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The world that wasn't : Henry Wallace and the fate of the American century

Title
The world that wasn't : Henry Wallace and the fate of the American century / Benn Steil.
ISBN
9781982127824
1982127821
9781982127831
9781982127848
Edition
First Avid Reader Press hardcover edition.
Publication
New York, NY : Avid Reader Press, an imprint of Simon & Schuster, Inc., 2024.
Copyright Notice Date
©2024
Physical Description
687 pages, 16 unnumbered pages of plates : illustrations (some color) ; 24 cm
Notes
"A Council on Foreign Relations book" -- title page.
Summary
"From the acclaimed economist-historian and author of The Marshall Plan comes a dramatic and powerful new perspective on the political career of Henry Wallace-a perspective that will forever change how we view the making of US and Soviet foreign policy at the dawn of the Cold War"-- Provided by publisher.
"From the acclaimed economist-historian and author of The Marshall Plan comes a dramatic and powerful new perspective on the political career of Henry Wallace-a perspective that will forever change how we view the making of US and Soviet foreign policy at the dawn of the Cold War.Henry Wallace is the most important, and certainly the most fascinating, almost-president in American history. As FDR's third-term vice president, and a hero to many progressives, he lost his place on the 1944 Democratic ticket in a wild open convention, as a result of which Harry Truman became president on FDR's death. Books, films, and even plays have since portrayed the circumstances surrounding Wallace's defeat as corrupt, and the results catastrophic. Filmmaker Oliver Stone, among others, has claimed that Wallace's loss ushered in four decades of devastating and unnecessary Cold War. Now, based on striking new finds from Russian, FBI, and other archives, Benn Steil's The World That Wasn't paints a decidedly less heroic portrait of the man, of the events surrounding his fall, and of the world that might have been under his presidency. Though a brilliant geneticist, Henry Wallace was a self-obsessed political figure, blind to the manipulations of aides-many of whom were Soviet agents and assets. From 1933 to 1949, Wallace undertook a series of remarkable interventions abroad, each aimed at remaking the world order according to his evolving spiritual blueprint. As agriculture secretary, he fell under the spell of Russian mystics, and used the cover of a plant-gathering mission to aid their doomed effort to forge a new theocratic state in Central Asia. As vice president, he toured a Potemkin Siberian continent, guided by undercover Soviet security and intelligence officials who hid labor camps and concealed prisoners. He then wrote a book, together with an American NKGB journalist source, hailing the region's renaissance under Bolshevik leadership. In China, the Soviets uncovered his private efforts to coax concessions to Moscow from Chiang Kai-shek, fueling their ambitions to dominate Manchuria. Running for president in 1948, he colluded with Stalin to undermine his government's foreign policy, allowing the dictator to edit his most important election speech. It was not until 1950 that he began to acknowledge his misapprehensions regarding the Kremlin's aims and conduct. Meticulously researched and deftly written, The World That Wasn't is a spellbinding work of political biography and narrative history that will upend how we see the making of the early Cold War"-- Provided by publisher.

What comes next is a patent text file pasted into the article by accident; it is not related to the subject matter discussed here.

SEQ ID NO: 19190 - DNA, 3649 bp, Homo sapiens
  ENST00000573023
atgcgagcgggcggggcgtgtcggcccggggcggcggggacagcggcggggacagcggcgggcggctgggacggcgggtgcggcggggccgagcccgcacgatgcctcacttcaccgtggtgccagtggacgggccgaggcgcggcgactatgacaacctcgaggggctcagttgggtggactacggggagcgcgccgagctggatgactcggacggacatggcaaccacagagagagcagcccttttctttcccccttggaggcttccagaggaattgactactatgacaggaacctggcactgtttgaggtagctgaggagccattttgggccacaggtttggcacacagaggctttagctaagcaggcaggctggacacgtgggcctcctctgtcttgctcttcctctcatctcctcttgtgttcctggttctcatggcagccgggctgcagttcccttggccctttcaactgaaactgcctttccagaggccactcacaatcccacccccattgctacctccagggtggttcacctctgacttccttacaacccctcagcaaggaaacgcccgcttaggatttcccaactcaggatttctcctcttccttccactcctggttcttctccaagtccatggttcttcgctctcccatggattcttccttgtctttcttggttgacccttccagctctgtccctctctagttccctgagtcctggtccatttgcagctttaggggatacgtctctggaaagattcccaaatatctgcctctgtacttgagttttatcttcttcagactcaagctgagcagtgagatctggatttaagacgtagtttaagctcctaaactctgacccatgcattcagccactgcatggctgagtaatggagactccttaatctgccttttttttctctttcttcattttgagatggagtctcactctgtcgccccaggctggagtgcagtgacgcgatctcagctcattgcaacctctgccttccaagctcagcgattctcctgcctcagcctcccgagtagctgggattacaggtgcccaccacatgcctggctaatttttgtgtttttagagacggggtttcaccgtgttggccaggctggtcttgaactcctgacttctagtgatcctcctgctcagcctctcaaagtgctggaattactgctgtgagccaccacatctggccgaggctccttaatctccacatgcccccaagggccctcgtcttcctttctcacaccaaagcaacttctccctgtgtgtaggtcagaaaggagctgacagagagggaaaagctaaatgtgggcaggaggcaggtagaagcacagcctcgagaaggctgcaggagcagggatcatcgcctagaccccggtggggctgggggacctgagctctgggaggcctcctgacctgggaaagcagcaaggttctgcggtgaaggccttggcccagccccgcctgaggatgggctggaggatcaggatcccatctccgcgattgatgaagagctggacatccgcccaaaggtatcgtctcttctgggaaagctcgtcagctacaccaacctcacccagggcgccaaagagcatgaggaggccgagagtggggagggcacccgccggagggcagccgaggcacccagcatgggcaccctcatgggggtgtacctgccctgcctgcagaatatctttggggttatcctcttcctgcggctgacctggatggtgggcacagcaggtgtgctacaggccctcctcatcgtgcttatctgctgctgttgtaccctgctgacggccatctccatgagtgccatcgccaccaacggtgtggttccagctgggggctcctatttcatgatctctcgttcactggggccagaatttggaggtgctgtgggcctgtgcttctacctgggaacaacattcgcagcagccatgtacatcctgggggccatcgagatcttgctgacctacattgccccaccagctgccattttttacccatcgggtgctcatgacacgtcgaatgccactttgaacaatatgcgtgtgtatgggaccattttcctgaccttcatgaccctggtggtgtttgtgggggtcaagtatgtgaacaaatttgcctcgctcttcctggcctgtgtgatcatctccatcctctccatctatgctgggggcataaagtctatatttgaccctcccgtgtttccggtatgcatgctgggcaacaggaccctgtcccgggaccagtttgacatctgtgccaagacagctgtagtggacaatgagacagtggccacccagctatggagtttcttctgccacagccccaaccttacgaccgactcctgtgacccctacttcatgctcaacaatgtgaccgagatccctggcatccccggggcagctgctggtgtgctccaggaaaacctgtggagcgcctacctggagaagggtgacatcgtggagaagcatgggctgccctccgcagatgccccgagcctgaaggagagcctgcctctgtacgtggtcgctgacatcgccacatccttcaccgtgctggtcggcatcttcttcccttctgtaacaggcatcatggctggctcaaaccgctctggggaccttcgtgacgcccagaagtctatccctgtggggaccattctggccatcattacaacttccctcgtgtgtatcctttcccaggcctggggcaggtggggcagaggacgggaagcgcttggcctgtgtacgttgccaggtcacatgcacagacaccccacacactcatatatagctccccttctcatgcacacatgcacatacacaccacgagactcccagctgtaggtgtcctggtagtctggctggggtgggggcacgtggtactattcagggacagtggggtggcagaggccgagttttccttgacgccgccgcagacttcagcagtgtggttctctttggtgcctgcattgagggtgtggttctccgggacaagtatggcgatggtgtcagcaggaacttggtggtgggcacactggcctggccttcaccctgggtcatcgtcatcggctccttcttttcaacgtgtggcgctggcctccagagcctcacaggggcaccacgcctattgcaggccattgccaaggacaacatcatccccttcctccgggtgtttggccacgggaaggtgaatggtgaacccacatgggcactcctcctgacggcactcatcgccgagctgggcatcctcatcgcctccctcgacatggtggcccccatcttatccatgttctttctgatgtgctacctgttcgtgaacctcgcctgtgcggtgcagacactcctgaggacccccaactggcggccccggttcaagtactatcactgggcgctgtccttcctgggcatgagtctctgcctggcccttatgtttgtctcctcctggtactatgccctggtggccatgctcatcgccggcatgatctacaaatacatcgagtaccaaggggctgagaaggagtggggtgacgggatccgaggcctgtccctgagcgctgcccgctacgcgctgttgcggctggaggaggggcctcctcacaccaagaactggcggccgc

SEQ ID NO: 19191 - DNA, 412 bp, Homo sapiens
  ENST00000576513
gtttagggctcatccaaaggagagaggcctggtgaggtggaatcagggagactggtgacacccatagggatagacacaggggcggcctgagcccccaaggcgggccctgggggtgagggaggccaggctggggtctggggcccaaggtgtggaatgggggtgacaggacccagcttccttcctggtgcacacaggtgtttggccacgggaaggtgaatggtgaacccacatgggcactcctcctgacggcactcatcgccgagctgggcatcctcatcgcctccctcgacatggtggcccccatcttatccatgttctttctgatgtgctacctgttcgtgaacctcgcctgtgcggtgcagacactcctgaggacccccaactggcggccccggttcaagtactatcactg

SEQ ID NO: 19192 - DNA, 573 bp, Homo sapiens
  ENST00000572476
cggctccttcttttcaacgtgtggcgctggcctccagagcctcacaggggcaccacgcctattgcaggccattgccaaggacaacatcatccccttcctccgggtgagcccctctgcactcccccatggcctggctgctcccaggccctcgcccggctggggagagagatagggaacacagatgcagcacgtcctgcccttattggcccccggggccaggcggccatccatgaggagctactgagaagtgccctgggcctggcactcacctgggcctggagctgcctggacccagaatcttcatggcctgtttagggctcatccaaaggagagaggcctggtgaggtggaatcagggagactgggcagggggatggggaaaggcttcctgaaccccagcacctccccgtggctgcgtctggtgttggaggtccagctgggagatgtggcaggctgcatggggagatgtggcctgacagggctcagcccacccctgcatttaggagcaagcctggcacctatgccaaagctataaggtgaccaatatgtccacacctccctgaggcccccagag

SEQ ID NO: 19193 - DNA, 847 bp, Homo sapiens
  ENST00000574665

Variant and related titles
World that was not
Henry Wallace and the fate of the American century
Other formats
Online version: Steil, Benn World that wasn't First Avid Reader Press hardcover edition. New York : Avid Reader Press, 2024
Format
Books
Language
English
Added to Catalog
March 07, 2024
Bibliography
Includes bibliographical references and index.
Contents
Why Wallace?
Of maize, math, and mysticism
The farmer's New Deal
The guru and the new country
Fighting fascists, planning peace
Into Siberia
China, through a glass darkly
History's pivot
Keeping up with the Joneses
"60 million jobs," four million strikers
Mission to Moscow
The odd tale of the Sino-Soviet Treaty
The nuclear option
The New Republic
Gideon's Red Army
Collusion
The people speak
Belief betrayed.
Citation

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